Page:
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Laguna Beach

 Volume 14, Issue 51  |  June 28, 2022


Budget discussion focuses on less costly items related to covering utility boxes, public safety items

By SARA HALL

While there are some bigger ticket items on a list of budget modifications for the mid-year financial update, this week’s discussion focused on a few of the less costly items.

Most of the comments during the Tuesday (March 15) City Council meeting were concentrated on $55,000 for vinyl wrapping utility boxes, $60,000 for the Community Risk Assessment: Standards of Cover report for the Laguna Beach Fire Department and $450,000 to update the Climate Action Plan.

Ultimately, council voted 5-0 to approve the updated budget and other items. They added recommendations to move the cost of the Main Beach Management Plan to the Measure LL funds, earmark $200,000 to be put aside for housing and rename the utility box item to “cleaning up” instead of “wrapping.”

The item included updating the budget and adjusting for increased ending balances of the various city funds, along with some mid-year modifications.

“It’s very clear and really comprehensive,” said Mayor Pro Tem Bob Whalen.

The item also includes a resolution setting the hourly/part-time pay rates to comply with state minimum wage requirements and a side letter agreement with the LB Police Employees Association to approve an incentive for additional training.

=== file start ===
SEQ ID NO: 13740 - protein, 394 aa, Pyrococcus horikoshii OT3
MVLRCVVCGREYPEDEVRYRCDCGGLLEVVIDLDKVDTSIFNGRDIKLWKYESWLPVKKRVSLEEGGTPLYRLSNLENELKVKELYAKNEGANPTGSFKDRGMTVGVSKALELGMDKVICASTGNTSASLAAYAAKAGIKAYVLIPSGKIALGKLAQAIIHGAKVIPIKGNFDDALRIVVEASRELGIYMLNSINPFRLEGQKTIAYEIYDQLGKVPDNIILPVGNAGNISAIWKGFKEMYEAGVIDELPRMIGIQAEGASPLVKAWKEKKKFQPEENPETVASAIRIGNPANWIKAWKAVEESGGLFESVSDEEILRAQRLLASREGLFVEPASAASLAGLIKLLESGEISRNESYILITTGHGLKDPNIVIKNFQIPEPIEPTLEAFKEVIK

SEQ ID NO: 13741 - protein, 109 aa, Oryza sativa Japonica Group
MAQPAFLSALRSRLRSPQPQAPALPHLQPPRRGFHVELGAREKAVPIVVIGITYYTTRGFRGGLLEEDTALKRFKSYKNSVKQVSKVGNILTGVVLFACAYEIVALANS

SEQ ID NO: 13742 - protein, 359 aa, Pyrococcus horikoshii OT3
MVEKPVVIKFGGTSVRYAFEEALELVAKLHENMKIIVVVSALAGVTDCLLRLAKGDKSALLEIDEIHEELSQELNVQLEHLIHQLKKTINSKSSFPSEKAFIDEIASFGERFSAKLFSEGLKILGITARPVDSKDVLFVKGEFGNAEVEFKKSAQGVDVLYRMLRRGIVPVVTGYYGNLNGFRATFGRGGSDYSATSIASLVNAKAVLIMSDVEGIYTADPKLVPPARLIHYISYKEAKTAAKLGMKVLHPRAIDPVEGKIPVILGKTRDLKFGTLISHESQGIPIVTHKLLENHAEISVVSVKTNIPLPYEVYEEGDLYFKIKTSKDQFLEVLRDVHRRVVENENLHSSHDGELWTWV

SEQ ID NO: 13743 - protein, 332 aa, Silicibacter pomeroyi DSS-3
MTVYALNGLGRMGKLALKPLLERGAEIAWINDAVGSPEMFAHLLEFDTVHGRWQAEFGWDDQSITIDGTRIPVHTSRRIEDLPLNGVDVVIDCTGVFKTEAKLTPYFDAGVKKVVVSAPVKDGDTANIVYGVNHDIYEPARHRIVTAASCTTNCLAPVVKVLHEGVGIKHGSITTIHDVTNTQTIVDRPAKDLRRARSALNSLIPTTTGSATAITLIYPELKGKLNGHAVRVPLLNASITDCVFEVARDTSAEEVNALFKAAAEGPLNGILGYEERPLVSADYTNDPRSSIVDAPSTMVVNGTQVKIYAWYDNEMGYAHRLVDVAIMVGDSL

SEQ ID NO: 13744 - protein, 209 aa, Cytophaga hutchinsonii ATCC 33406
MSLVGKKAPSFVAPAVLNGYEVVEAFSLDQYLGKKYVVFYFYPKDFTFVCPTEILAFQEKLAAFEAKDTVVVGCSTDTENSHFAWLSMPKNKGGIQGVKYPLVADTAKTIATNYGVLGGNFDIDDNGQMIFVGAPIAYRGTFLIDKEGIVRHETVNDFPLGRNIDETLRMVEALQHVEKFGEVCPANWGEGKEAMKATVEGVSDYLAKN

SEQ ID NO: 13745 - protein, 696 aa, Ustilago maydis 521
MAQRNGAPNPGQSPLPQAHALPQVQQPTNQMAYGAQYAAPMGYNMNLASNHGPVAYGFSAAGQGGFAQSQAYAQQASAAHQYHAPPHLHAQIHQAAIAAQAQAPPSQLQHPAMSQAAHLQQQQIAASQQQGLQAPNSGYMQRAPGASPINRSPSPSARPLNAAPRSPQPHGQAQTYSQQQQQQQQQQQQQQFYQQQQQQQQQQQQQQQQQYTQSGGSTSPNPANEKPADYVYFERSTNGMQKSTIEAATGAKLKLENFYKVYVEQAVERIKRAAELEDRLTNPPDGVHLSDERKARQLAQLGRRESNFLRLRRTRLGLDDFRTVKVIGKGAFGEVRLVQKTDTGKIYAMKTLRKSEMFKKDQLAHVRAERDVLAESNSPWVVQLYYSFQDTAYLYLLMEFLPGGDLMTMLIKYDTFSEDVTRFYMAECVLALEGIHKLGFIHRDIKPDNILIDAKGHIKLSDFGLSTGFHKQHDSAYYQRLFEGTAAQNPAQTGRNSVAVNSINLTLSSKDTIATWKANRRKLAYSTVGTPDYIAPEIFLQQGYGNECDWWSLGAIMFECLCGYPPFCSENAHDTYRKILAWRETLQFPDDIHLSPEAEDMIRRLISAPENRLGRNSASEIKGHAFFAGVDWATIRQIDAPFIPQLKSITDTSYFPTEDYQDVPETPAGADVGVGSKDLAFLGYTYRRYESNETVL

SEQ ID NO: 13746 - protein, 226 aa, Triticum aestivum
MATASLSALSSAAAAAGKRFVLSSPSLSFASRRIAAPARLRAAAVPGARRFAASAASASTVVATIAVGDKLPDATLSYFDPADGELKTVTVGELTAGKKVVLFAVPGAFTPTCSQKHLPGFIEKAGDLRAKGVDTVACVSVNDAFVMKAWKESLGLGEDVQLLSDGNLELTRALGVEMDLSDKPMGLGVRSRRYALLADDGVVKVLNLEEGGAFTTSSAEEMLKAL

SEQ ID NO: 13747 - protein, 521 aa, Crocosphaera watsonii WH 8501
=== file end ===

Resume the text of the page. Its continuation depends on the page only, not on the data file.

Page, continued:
It also included an ordinance adjusting the purchasing limits for department directors from $10,000 to $30,000 and the city manager from $30,000 to $75,000.

Each year after an independent audit is completed, the city’s finance staff calculates the ending balances for various city funds. Council then updates the budget by adopting the revised beginning fund balance figures and recognizing the “savings,” which is the increase in the available fund balance.

The report lists several funds that exceeded estimates, including the general, capital improvement and parking funds.

The general fund, the city’s main operating fund is ending the year with $6.9 million above the 20% reserve, with revenues exceeding budget estimates by $4.1 million in revenue (higher property tax, sales tax and transient occupancy tax revenue) and departments saving approximately $1.2 million.

“We’re seeing higher numbers in all the funds because the city just did better than what we expected,” said Administrative Services Director Gavin Curran.

Last year, staff budgeted for an anticipated “bad” revenue scenario, he explained. However, in 2021, revenues rebounded well across all sources. 

Budget discussion utility box

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Photo by Maggie Henrikson

A nicely decorated utility box in Laguna Beach

On Tuesday, there was quite a bit of commentary from councilmembers about a proposal to appropriate $55,000 to vinyl wrap all traffic control utility boxes along Coast Highway, Broadway and Laguna Canyon Road. Council would still need to approve the design of the wraps at a future meeting.

Councilmember Toni Iseman recently asked about possibly wrapping the utility boxes, said City Manager Shohreh Dupuis.

The city hasn’t done it in the past and so it’s never been budgeted for, she explained. After looking into it and comparing nearby cities, Dupuis discovered that it would cost between $5,000 to $10,000 per utility box, depending on the size.

The $55,000 was just an estimate, Dupuis emphasized.

She’s also unsure of the current inventory of utility boxes in the city.

The city doesn’t own any of the utility boxes, Dupuis explained. Some control traffic signals, others belong to Cox or Southern California Edison.